Twenty-nine percent (N = 100) of the privately funded programs offer inpatient, 17% (N = 59) residential treatment and 67% (N = 232) intensive outpatient services. Three-quarters of the programs (N=253, or 74%) screen admissions for eating disorders at intake assessment, with 44% (N=150) screening all patients and 30% (N=103) screening patients only if an eating disorder is reported or suspected (i.e. low weight). Over one-quarter of the programs (N=73, or 29%) that conduct screenings and/or assessments reported using a standardized interview (21% of the total sample). When asked which standardized interview or questionnaire is used, most reported using assessment instruments that were either developed by the agency or were questions embedded in their standard intake assessment protocols. One program reported using the Eating Disorder Symptom Checklist and one program reported using the SCOFF Eating Disorder assessment. The remaining programs rely on an informal evaluation by a clinical staff member or the clinical history provided by the patient's primary care physician. Approximately 7% ± 9% of the patient population in programs that do screen are reported to have an eating disorder. One-fifth (N=69, or 20%) of programs admit all patients who screen positive for an eating disorder regardless of severity, whereas 67% (N=228) admit patients whose eating disorder is not deemed severe enough to interfere with addiction treatment. Almost all programs require a primary drug or alcohol use problem, with less than 12% (N=40) of programs admitting patients solely for eating disorder treatment. One in five programs (N=70, or 20%) attempt to treat eating disorders on site. Only 11% (N=25) have a formal referral arrangement to address eating disorders. The remaining programs do not offer any services to address eating disorders.
The programs were categorized into three groups based on eating disorder treatment: does not admit (N=45), admit but does not treat (N=223), and admits and treats (N=70). These categories included all programs that do and do not screen for eating disorders. Thus, patients with undetected eating disorders may unknowingly be admitted to the not admit category. Results indicated that the three types of programs are organizationally very similar. describes the program characteristics, which are displayed as either the percentage of programs or the average percentages (M/SD) reported for each of the three groups. The primary differences were between Admit and treat programs and the other programs. Admit and treat programs have more full-time equivalent employees than programs that do not admit and those that admit and do not treat (39 versus 16 for Not admit and 28 for Admit but not treat). The Admit and treat programs are significantly more likely to address patients' needs from a psychiatric perspective, as seen by their use of psychiatric assessments, use of selective serotonin reuptake inhibitors and admission of patients with other co-occurring psychiatric disorders. Also, Admit and treat programs have significantly higher caseloads of female patients.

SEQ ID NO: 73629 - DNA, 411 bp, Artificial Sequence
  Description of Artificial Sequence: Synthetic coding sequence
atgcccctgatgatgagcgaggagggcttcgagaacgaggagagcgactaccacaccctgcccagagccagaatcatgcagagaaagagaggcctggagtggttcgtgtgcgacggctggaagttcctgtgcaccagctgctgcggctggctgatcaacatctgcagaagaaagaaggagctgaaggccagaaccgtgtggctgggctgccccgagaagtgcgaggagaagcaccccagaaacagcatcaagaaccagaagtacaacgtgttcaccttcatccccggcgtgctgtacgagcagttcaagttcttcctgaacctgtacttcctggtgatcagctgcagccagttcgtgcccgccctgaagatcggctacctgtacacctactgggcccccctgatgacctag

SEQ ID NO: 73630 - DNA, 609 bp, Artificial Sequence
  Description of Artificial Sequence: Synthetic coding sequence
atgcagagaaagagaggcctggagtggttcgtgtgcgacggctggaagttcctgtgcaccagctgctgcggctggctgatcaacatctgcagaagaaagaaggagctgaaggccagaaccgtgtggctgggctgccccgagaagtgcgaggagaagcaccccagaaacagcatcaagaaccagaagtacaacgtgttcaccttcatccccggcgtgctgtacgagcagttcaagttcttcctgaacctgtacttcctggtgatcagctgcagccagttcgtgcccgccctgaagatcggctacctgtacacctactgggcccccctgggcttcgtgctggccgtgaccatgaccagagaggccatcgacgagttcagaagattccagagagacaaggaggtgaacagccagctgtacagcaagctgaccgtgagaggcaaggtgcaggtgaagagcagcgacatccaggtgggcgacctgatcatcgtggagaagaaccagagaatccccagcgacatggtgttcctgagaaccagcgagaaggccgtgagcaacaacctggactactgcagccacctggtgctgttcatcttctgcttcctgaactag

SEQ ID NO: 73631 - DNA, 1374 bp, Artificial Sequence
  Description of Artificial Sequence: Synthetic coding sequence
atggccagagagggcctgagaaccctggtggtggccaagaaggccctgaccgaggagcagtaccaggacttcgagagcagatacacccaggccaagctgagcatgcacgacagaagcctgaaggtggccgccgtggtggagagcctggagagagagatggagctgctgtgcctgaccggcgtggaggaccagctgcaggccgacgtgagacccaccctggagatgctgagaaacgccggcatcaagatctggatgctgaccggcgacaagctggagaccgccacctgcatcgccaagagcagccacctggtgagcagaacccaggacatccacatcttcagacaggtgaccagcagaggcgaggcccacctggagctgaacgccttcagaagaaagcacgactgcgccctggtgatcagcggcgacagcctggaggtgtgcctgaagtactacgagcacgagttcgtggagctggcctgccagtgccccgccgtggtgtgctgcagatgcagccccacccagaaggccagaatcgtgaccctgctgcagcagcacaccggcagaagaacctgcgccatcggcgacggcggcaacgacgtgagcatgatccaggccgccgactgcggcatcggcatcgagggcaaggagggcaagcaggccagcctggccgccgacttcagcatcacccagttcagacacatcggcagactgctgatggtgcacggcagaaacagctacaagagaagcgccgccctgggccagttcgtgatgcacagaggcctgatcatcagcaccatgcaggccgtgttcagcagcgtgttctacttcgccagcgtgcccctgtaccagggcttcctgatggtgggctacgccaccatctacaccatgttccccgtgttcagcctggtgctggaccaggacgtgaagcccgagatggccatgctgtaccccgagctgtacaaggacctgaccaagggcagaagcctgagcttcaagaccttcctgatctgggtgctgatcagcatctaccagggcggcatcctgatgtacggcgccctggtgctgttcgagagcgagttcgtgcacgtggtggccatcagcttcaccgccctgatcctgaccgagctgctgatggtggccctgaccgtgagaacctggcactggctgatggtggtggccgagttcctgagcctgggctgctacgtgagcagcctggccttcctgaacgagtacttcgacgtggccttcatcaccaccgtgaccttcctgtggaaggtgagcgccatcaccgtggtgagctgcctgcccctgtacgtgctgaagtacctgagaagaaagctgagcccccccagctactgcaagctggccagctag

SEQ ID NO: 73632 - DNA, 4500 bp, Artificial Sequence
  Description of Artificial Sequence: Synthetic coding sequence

Comparison of addiction treatment programs based on admission and treatment of patients with eating disorders.